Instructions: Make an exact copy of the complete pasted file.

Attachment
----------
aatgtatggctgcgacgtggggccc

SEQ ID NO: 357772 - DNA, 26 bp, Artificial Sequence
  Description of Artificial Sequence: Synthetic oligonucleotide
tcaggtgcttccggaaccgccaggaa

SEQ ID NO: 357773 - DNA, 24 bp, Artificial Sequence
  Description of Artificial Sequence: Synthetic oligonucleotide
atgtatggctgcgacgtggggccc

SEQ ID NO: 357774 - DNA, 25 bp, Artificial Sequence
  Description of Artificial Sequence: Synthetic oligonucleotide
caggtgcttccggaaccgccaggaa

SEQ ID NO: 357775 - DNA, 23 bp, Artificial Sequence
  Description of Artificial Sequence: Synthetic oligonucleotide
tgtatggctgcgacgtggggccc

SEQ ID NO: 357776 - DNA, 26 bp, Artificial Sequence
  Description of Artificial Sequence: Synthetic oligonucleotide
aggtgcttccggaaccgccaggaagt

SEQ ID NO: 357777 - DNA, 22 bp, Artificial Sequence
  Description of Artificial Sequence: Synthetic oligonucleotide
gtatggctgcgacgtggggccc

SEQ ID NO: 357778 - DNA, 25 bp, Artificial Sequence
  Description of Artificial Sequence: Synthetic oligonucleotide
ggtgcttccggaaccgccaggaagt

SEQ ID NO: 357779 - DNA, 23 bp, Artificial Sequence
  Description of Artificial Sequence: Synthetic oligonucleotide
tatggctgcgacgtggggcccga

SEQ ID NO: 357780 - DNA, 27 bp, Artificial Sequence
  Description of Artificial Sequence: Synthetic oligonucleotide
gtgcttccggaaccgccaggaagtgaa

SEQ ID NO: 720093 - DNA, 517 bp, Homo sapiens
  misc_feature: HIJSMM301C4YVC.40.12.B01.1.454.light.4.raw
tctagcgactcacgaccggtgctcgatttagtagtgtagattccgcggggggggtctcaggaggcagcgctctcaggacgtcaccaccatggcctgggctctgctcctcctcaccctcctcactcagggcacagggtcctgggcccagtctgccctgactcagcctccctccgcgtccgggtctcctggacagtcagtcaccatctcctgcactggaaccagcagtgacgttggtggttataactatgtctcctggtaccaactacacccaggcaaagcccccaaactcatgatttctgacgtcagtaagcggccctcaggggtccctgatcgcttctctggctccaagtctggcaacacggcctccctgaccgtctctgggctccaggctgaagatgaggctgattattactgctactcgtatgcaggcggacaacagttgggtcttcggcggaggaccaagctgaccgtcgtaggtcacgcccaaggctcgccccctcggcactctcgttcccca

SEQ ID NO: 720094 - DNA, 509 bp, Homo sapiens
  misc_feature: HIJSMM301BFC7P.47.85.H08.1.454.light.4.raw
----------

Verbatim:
aatgtatggctgcgacgtggggccc

SEQ ID NO: 357772 - DNA, 26 bp, Artificial Sequence
  Description of Artificial Sequence: Synthetic oligonucleotide
tcaggtgcttccggaaccgccaggaa

SEQ ID NO: 357773 - DNA, 24 bp, Artificial Sequence
  Description of Artificial Sequence: Synthetic oligonucleotide
atgtatggctgcgacgtggggccc

SEQ ID NO: 357774 - DNA, 25 bp, Artificial Sequence
  Description of Artificial Sequence: Synthetic oligonucleotide
caggtgcttccggaaccgccaggaa

SEQ ID NO: 357775 - DNA, 23 bp, Artificial Sequence
  Description of Artificial Sequence: Synthetic oligonucleotide
tgtatggctgcgacgtggggccc

SEQ ID NO: 357776 - DNA, 26 bp, Artificial Sequence
  Description of Artificial Sequence: Synthetic oligonucleotide
aggtgcttccggaaccgccaggaagt

SEQ ID NO: 357777 - DNA, 22 bp, Artificial Sequence
  Description of Artificial Sequence: Synthetic oligonucleotide
gtatggctgcgacgtggggccc

SEQ ID NO: 357778 - DNA, 25 bp, Artificial Sequence
  Description of Artificial Sequence: Synthetic oligonucleotide
ggtgcttccggaaccgccaggaagt

SEQ ID NO: 357779 - DNA, 23 bp, Artificial Sequence
  Description of Artificial Sequence: Synthetic oligonucleotide
tatggctgcgacgtggggcccga

SEQ ID NO: 357780 - DNA, 27 bp, Artificial Sequence
  Description of Artificial Sequence: Synthetic oligonucleotide
gtgcttccggaaccgccaggaagtgaa

SEQ ID NO: 720093 - DNA, 517 bp, Homo sapiens
  misc_feature: HIJSMM301C4YVC.40.12.B01.1.454.light.4.raw
tctagcgactcacgaccggtgctcgatttagtagtgtagattccgcggggggggtctcaggaggcagcgctctcaggacgtcaccaccatggcctgggctctgctcctcctcaccctcctcactcagggcacagggtcctgggcccagtctgccctgactcagcctccctccgcgtccgggtctcctggacagtcagtcaccatctcctgcactggaaccagcagtgacgttggtggttataactatgtctcctggtaccaactacacccaggcaaagcccccaaactcatgatttctgacgtcagtaagcggccctcaggggtccctgatcgcttctctggctccaagtctggcaacacggcctccctgaccgtctctgggctccaggctgaagatgaggctgattattactgctactcgtatgcaggcggacaacagttgggtcttcggcggaggaccaagctgaccgtcgtaggtcacgcccaaggctcgccccctcggcactctcgttcccca

SEQ ID NO: 720094 - DNA, 509 bp, Homo sapiens
  misc_feature: HIJSMM301BFC7P.47.85.H08.1.454.light.4.raw